Prad is connected to the radiative acceleration grad (Eq. (2)) by(8)This equation can be integrated if an initial value PrefPrad(Rref) at a given reference radius Rref, the flux-mean opacity κF(r), and the radiative luminosity Lrad(r) are known. Our final models in Sect. 2.2.3 are based on a direct numerical integration of this equation, taking into account that Lrad is a function of radius (cf. Eq. (30)).

To describe the solution of Eq. (8) analytically, we made the simplifying assumption that Lrad = L = const. throughout the wind. As demonstrated by Gräfener & Vink (2013), integrating Eq. (8) from Rref to the sonic radius Rs leads to the expression (9)for the radiation pressure at the sonic radius, where Pref is the radiation pressure at the reference radius Rref, and a weighted mean optical depth of the form (10)This expression for is designed to be comparable to the classical flux-mean optical depth τs (cf. Eq. (21)). Because the integral in Eq. (10) is weighted towards small radii with rRs, we have .

To compute Pref and Rref, we followed the approach of Lucy & Abbott (1993), Lucy (1976) and assumed that Pref is connected to the radiative flux Fref at Rref by an effective (flux) temperature Tref, that is, (11)where Rref is the radius where . This relation is to some extent analogous to the concept of the effective temperature in plane-parallel atmospheres.

With Eq. (11), Eq. (9) becomes (12)We note that the only approximations in Eq. (12) are our assumptions that L = Lrad, and that Pref is given by Eq. (11). For WR stars L = Lrad is usually fulfilled within a margin of several percent, up to 10% for the most extreme objects with the strongest winds (e.g. Crowther et al. 2002). The validity of Eq. (11) has been confirmed with a high level of accuracy by Gräfener & Vink (2013) through direct comparison with a dynamical non-LTE atmosphere model for an early-type WC star from Gräfener & Hamann (2005), where the temperature structure is computed from the requirement of radiative equilibrium (cf. Gräfener et al. 2002; Hamann & Gräfener 2003).

In the limit of large wind optical depth, we have and RrefRs, so that Eq. (12) simplifies to (13)where φrad(Rs) denotes the radiative momentum flux at the sonic radius. Similarly, Eq. (4) can be expressed as (14)where φwind(Rs) denotes the mechanical wind momentum flux at the sonic point. The ratio Prad/Pgas at the sonic radius can thus be expressed as (15)where Φrad(Rs) = L/c and Φwind(Rs) = a denote the total radiative and wind momentum at Rs.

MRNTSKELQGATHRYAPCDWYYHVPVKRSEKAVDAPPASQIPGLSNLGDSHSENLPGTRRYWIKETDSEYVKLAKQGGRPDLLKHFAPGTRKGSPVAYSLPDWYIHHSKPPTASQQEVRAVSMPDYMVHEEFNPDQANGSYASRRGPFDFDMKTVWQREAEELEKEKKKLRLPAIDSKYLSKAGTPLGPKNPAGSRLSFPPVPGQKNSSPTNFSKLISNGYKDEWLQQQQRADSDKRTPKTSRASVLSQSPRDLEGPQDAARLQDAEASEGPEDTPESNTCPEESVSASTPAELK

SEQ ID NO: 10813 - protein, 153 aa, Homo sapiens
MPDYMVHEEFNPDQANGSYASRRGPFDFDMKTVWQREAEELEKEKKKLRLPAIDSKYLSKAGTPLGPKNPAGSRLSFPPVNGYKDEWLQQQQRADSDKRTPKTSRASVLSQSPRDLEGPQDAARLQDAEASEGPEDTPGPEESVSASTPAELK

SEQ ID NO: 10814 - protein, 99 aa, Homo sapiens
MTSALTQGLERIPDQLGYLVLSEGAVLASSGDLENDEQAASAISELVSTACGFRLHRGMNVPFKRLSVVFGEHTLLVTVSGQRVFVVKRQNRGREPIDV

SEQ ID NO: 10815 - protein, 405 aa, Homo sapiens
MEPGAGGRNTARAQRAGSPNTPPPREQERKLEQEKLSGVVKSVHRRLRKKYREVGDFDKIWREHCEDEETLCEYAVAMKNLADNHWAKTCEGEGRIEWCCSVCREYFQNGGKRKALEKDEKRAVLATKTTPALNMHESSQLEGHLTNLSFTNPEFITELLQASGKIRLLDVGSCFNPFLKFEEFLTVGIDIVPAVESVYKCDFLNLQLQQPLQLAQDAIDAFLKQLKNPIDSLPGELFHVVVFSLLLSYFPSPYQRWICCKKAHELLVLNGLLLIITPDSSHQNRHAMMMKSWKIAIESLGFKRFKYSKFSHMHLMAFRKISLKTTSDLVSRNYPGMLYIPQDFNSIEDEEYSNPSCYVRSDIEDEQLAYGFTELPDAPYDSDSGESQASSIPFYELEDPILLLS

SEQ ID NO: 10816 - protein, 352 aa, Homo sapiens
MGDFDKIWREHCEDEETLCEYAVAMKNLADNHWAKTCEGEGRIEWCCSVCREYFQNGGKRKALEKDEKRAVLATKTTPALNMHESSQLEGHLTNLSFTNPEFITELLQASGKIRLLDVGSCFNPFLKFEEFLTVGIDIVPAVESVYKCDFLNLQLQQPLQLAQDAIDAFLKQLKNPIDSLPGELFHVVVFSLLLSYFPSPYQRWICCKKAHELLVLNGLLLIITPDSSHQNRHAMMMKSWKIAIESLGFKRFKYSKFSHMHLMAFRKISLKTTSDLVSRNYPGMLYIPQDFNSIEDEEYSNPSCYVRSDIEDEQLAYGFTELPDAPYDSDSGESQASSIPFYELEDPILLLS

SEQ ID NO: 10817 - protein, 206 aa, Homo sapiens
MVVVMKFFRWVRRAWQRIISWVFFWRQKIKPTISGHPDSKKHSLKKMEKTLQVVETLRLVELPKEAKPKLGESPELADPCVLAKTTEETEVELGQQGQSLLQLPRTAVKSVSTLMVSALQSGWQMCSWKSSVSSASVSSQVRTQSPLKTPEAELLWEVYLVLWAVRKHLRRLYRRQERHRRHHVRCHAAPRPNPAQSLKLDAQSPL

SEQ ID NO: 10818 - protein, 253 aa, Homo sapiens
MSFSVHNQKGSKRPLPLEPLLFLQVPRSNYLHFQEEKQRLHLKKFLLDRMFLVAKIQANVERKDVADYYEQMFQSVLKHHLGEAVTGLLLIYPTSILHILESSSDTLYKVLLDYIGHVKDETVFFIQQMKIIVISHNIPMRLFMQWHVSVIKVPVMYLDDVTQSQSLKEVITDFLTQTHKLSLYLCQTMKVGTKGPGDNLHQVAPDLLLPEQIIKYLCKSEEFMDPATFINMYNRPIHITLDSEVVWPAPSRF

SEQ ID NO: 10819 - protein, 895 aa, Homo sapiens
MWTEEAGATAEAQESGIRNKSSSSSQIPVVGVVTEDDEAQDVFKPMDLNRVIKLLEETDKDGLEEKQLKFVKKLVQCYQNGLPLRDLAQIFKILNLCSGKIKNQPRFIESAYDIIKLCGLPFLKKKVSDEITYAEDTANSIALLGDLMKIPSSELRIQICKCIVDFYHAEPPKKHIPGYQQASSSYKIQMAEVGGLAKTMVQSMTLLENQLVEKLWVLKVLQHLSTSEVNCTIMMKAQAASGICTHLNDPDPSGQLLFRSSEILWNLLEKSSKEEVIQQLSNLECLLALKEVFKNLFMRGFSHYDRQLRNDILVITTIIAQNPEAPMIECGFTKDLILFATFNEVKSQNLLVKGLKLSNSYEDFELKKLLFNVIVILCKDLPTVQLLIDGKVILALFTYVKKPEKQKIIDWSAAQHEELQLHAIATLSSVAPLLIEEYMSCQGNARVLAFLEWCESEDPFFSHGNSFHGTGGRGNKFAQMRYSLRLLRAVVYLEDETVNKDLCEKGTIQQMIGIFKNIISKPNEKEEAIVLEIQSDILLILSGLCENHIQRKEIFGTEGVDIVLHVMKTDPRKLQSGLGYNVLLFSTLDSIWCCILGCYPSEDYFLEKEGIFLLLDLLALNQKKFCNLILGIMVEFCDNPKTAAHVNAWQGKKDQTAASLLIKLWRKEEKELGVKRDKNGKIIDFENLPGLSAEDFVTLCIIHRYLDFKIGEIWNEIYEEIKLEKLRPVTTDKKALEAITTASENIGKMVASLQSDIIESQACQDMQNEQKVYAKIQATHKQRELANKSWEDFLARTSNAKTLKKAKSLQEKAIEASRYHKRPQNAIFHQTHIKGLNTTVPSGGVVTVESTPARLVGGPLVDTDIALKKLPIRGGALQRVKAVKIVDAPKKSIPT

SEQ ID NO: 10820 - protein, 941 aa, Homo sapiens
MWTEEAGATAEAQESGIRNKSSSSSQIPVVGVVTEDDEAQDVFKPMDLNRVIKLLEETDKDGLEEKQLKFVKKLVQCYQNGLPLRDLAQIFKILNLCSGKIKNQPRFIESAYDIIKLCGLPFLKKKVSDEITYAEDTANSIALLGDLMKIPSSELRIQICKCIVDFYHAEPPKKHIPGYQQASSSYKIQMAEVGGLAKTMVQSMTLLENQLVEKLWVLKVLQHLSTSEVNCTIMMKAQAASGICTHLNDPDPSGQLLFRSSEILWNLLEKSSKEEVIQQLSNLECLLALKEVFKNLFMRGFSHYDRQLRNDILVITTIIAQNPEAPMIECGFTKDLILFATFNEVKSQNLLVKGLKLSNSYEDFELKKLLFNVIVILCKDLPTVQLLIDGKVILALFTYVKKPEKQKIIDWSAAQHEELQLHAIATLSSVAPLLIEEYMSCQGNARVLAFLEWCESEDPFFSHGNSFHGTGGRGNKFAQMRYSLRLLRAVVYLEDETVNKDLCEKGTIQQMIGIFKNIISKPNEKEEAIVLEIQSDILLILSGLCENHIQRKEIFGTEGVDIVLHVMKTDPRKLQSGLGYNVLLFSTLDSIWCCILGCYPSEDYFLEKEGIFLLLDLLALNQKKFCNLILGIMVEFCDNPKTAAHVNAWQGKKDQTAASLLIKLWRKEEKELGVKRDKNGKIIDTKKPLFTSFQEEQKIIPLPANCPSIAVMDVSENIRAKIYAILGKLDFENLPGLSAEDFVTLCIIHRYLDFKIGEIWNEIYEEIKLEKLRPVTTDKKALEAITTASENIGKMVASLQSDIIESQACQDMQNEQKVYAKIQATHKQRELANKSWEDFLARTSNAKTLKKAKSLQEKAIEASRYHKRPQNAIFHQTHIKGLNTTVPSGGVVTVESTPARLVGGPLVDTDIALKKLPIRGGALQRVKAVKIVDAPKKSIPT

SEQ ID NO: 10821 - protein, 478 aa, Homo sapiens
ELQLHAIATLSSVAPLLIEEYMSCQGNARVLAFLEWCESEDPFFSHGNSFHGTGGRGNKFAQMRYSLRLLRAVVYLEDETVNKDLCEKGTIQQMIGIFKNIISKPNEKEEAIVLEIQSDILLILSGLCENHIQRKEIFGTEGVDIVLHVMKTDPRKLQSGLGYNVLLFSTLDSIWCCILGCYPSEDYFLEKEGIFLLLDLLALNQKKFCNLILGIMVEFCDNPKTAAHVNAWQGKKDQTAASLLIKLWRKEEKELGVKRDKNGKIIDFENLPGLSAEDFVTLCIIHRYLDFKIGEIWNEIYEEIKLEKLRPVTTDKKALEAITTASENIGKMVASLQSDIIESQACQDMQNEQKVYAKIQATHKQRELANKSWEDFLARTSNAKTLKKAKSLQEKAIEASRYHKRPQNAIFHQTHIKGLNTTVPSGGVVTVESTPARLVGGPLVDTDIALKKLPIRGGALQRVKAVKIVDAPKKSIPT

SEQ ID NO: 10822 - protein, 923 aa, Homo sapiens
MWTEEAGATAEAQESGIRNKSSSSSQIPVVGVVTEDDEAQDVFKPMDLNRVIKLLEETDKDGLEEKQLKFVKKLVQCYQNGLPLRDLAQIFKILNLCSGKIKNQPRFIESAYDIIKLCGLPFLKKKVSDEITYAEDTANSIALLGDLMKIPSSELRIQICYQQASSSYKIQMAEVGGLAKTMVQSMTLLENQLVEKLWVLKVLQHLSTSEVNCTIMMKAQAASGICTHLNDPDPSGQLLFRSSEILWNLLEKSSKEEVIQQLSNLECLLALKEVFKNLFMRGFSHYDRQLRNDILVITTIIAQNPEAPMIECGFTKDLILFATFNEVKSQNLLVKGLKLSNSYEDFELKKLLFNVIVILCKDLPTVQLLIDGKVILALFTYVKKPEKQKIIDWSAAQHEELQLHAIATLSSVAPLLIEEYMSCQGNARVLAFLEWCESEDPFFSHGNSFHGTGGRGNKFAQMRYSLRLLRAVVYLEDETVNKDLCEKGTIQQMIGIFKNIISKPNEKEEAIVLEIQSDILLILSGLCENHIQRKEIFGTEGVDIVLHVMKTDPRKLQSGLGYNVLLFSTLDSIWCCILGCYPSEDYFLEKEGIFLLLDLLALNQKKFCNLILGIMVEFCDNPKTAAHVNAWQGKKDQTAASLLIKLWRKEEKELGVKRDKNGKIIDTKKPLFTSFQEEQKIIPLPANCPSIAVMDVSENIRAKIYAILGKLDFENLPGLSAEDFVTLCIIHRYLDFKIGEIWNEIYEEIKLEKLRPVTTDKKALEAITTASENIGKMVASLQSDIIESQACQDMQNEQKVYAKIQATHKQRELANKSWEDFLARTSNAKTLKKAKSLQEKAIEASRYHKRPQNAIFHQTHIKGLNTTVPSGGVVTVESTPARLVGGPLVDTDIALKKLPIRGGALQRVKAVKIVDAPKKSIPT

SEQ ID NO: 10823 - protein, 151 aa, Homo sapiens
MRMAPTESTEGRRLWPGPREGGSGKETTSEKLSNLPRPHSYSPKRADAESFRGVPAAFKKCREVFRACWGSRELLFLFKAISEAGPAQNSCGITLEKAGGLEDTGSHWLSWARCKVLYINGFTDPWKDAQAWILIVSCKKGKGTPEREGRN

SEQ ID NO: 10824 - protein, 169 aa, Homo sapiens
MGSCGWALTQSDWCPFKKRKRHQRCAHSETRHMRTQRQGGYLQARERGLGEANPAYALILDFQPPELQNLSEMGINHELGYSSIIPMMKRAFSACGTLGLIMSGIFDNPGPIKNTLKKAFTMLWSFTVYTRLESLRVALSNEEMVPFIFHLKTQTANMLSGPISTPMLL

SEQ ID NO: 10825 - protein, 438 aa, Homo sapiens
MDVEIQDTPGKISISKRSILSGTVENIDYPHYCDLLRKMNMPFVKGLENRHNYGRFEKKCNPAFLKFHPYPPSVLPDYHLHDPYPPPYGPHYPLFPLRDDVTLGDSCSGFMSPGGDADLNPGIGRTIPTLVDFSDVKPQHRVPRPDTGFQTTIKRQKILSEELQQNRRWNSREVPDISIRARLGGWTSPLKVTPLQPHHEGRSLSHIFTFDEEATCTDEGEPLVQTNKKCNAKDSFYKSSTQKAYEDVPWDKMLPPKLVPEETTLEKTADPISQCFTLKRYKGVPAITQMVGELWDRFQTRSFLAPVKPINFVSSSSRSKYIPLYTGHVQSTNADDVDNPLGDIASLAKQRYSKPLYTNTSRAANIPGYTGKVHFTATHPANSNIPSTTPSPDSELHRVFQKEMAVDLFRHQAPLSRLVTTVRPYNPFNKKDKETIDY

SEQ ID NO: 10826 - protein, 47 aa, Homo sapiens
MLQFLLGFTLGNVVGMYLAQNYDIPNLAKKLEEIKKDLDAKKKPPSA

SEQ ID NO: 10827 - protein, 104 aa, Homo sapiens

2.2.2. Approximate relation for Prad/Pgas at the sonic point

An analytical expression for the wind condition in Sect. 2.2.1 can be derived based on Eq. (15), using a well-known relation between the wind-efficiency factor η = ν/ (L/c) (the ratio between the wind momentum and the momentum of the radiation field) and the sonic-point optical depth τs, namely that ητs (cf. Netzer & Elitzur 1993; Gayley et al. 1995; Lamers & Cassinelli 1999; Vink & Gräfener 2012).

This relation can be understood under the assumption that photons are scattered multiple times while escaping the stellar wind, undergoing a random walk. For a random walk, the effective number of scatterings that a typical photon must undergo to transfer the necessary momentum to the wind is η2. From the point of view of radiative transfer, the number of scatterings in such a picture would be τ2. As a consequence, ητ. Because the layers below the sonic point are near hydrostatic equilibrium, the relevant optical depth for the wind acceleration above this point is the sonic-point optical depth τs.

To derive the resulting wind condition, we start with the equation of motion for a spherically expanding, radiation-driven wind with a velocity field ν(r). Above the sonic point, this equation is well described by (16)where gas-pressure terms are neglected. In this equation, the wind acceleration ν× ν′ on the left-hand side is balanced by the outward-directed radiative acceleration and the inward-directed gravitational attraction on the right-hand side. With the Eddington factor Γ = κFLrad/ (4πcGM), defined as the ratio between radiative and gravitational acceleration, this equation can be rewritten as (17)When we integrate this equation from the sonic point (with r = Rs, ν= as) towards infinity (i.e. r → ∞, ν→ ν), the value of Γ will vary as a function of r, starting with Γ ≃ 1 at r = Rs, and reaching a maximum near the point of the highest wind acceleration dν/dr. The value of Γ in this region will dominate the integral. For the qualitative considerations in the remainder of this section, we therefore adopt Γ = Γw = const., where Γw is meant to be representative for the value of Γ in the region of highest wind acceleration. Integration of Eq. (17) then results in (18)with the escape velocity defined as . With νas , this simplifies to (19)or equivalently, (20)In a second step, Eq. (17) can be rewritten using the equation of continuity = 4πρνr2(21)with the flux-mean optical depth dτ = −κFρ dr. Again, integrating from the sonic point towards infinity and adopting Γ = Γw = const., we obtain (22)with the sonic-point optical depth τs. Finally, we obtain (23)for the wind efficiency factor η, where we made use of Eq. (20) and νas. Analogous to Eq. (15) Φrad(∞) = L/c and Φwind(∞) = ν are the total radiative and wind momenta for r → ∞.